An adoptive family is a big family. We feel, when a family comes here to take one of our children to their home, as if they are joining the team at the little children's home. Here are Marisa and Merlinda, Mamarlyn and Antonia, four of the caregivers who have been there for Amber since she was newborn. They are flanking Mike and Winnie who hold Amber now. (On the far right is Tara, the social worker with the Department of Social Welfare and Development who facilitated the match.) Welcome to the tlc family.

Amber's parents, Winnie and Mike, were able to join us at the little children's home for a seminar on infant massage. Cindy volunteered to teach our careworkers about listening to the signals a little ones is giving, and also how to stimulate and soothe them with massage. Of course, much of what she shared was very much a refresher, but our work is always evolving through education.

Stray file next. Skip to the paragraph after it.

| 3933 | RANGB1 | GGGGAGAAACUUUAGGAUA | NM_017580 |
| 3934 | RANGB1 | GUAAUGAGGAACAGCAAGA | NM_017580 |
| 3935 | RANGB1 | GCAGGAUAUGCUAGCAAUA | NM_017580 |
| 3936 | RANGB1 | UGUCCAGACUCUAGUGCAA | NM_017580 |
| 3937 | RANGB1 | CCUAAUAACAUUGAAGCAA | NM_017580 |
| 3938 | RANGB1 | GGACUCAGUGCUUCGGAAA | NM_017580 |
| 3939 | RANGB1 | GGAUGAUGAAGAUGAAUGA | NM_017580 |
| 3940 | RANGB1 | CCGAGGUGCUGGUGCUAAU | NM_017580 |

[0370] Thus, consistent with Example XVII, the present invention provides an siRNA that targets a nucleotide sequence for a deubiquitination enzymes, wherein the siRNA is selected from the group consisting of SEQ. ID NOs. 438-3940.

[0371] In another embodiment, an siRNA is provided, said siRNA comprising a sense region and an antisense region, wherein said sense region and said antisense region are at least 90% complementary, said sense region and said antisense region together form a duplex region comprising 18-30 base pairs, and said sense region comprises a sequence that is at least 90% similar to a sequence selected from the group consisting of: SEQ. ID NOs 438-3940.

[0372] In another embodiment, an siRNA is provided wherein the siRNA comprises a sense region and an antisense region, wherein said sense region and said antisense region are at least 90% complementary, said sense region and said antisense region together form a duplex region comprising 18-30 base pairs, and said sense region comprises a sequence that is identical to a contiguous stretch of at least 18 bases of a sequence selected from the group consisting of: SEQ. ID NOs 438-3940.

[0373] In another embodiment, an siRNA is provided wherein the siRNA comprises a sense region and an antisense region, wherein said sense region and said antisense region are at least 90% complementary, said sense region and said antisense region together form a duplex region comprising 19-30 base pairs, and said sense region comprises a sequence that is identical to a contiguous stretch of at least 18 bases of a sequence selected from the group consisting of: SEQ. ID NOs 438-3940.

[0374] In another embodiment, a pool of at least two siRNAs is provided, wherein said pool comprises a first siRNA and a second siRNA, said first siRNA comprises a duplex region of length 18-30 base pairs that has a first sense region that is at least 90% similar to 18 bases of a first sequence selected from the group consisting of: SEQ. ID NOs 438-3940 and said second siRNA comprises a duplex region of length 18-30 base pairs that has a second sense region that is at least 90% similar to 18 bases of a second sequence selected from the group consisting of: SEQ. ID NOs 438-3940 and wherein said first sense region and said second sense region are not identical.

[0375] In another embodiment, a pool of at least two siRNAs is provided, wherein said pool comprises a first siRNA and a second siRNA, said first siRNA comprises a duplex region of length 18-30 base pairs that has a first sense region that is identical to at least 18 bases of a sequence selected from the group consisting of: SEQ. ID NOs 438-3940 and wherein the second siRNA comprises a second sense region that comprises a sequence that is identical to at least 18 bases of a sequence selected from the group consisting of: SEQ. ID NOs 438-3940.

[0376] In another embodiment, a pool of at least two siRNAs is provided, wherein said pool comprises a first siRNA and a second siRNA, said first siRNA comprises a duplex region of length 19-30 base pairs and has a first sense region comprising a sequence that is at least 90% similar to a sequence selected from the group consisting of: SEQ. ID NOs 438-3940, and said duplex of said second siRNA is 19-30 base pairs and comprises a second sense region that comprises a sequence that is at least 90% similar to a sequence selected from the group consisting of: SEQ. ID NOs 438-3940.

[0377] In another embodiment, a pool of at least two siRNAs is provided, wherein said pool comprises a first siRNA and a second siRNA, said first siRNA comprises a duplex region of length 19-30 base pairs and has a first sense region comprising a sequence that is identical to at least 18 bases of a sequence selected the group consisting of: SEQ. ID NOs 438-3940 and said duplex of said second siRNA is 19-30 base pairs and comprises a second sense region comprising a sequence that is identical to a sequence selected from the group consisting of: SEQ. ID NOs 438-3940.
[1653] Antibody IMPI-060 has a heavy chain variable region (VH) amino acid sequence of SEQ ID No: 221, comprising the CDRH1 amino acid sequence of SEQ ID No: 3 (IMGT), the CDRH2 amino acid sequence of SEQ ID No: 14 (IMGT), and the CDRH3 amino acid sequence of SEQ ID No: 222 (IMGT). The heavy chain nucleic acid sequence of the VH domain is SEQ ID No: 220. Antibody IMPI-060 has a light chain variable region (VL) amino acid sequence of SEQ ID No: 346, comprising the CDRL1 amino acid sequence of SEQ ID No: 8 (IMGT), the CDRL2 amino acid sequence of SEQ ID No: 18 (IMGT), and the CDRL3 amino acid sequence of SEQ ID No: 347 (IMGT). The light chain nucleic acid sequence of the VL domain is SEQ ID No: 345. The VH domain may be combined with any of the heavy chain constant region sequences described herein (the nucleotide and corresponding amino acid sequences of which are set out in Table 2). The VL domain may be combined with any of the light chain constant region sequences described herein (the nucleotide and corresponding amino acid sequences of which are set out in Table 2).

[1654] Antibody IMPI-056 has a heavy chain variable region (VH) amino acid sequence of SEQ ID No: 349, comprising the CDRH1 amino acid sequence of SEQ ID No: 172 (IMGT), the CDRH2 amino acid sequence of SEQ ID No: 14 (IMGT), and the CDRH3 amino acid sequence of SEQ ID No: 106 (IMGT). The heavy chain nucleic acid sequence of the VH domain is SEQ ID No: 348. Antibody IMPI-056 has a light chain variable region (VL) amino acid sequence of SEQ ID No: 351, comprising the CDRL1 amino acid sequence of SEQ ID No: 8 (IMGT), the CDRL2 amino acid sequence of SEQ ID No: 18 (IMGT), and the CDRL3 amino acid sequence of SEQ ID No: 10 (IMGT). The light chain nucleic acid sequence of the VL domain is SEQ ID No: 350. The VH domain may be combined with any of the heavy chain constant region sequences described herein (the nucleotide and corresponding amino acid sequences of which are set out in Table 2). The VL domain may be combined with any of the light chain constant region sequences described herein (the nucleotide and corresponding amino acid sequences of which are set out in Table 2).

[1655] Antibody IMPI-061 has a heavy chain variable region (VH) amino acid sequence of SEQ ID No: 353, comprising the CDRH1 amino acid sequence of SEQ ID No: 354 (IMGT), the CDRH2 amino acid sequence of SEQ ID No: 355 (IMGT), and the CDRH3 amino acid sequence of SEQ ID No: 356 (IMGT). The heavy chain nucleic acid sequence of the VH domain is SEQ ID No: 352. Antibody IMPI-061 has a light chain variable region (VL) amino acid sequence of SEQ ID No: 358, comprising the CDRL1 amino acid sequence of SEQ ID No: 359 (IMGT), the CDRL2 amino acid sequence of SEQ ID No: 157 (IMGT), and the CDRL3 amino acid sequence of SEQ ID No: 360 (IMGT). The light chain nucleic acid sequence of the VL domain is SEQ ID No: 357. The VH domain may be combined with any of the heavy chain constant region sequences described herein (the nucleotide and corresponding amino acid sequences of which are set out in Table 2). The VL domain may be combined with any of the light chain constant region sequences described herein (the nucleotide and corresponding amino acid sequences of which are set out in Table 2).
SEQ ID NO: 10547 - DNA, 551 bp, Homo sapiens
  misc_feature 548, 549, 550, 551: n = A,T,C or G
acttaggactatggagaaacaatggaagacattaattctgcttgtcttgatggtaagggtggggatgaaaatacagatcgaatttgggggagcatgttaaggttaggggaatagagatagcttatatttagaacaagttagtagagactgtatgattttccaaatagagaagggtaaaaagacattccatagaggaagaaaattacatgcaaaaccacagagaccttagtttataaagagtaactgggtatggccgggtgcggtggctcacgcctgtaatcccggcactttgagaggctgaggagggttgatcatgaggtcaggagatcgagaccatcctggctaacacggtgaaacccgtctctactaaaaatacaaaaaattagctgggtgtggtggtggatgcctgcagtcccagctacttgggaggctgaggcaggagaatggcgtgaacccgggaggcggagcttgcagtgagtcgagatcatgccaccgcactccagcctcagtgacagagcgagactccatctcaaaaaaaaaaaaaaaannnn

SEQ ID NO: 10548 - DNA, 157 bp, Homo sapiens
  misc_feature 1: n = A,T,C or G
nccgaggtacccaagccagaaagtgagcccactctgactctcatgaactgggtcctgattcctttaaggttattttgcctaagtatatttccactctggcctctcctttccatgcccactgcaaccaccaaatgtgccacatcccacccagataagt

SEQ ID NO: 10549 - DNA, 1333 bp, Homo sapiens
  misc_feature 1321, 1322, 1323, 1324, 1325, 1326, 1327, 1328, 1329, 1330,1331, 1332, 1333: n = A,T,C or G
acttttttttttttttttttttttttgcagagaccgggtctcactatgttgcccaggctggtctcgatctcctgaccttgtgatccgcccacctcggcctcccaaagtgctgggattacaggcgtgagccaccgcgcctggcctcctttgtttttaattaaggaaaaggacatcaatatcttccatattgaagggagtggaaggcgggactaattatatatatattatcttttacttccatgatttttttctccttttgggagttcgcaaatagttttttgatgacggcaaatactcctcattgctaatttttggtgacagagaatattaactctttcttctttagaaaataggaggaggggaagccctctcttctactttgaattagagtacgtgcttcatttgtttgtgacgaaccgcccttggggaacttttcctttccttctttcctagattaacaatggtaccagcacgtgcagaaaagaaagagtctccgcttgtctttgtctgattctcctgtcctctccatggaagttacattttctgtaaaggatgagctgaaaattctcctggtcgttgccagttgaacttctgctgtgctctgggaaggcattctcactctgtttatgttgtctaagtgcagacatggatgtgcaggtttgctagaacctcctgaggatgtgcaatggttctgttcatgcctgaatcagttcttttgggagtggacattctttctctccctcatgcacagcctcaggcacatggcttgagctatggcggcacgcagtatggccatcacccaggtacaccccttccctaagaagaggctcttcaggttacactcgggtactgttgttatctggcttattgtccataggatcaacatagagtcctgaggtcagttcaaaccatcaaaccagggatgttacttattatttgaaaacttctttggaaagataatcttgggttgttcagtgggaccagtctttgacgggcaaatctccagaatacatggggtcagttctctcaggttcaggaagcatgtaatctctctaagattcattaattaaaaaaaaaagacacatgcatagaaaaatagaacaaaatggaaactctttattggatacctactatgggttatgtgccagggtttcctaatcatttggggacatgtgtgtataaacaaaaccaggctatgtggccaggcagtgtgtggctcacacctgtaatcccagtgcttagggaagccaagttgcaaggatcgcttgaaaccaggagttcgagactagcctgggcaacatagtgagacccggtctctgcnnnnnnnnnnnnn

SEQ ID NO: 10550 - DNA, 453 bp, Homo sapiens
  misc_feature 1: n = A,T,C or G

Sunday, October 07, 2007

Here's a picture of Shiela Mae, just taken today. She's so beautiful.

She has been matched to a family in the United States for four months, and we are still waiting for her visa to come through so they can come pick her up.

Our heart goes out to her and to her new family, waiting so long to be united for the first time. Shiela Mae will be the last of her 'batch' to go to her forever home. Angeline and David are already blessed to be in their new homes.

'God sets the lonely in families, he leads forth the prisoners with singing' (Psalm 68:6).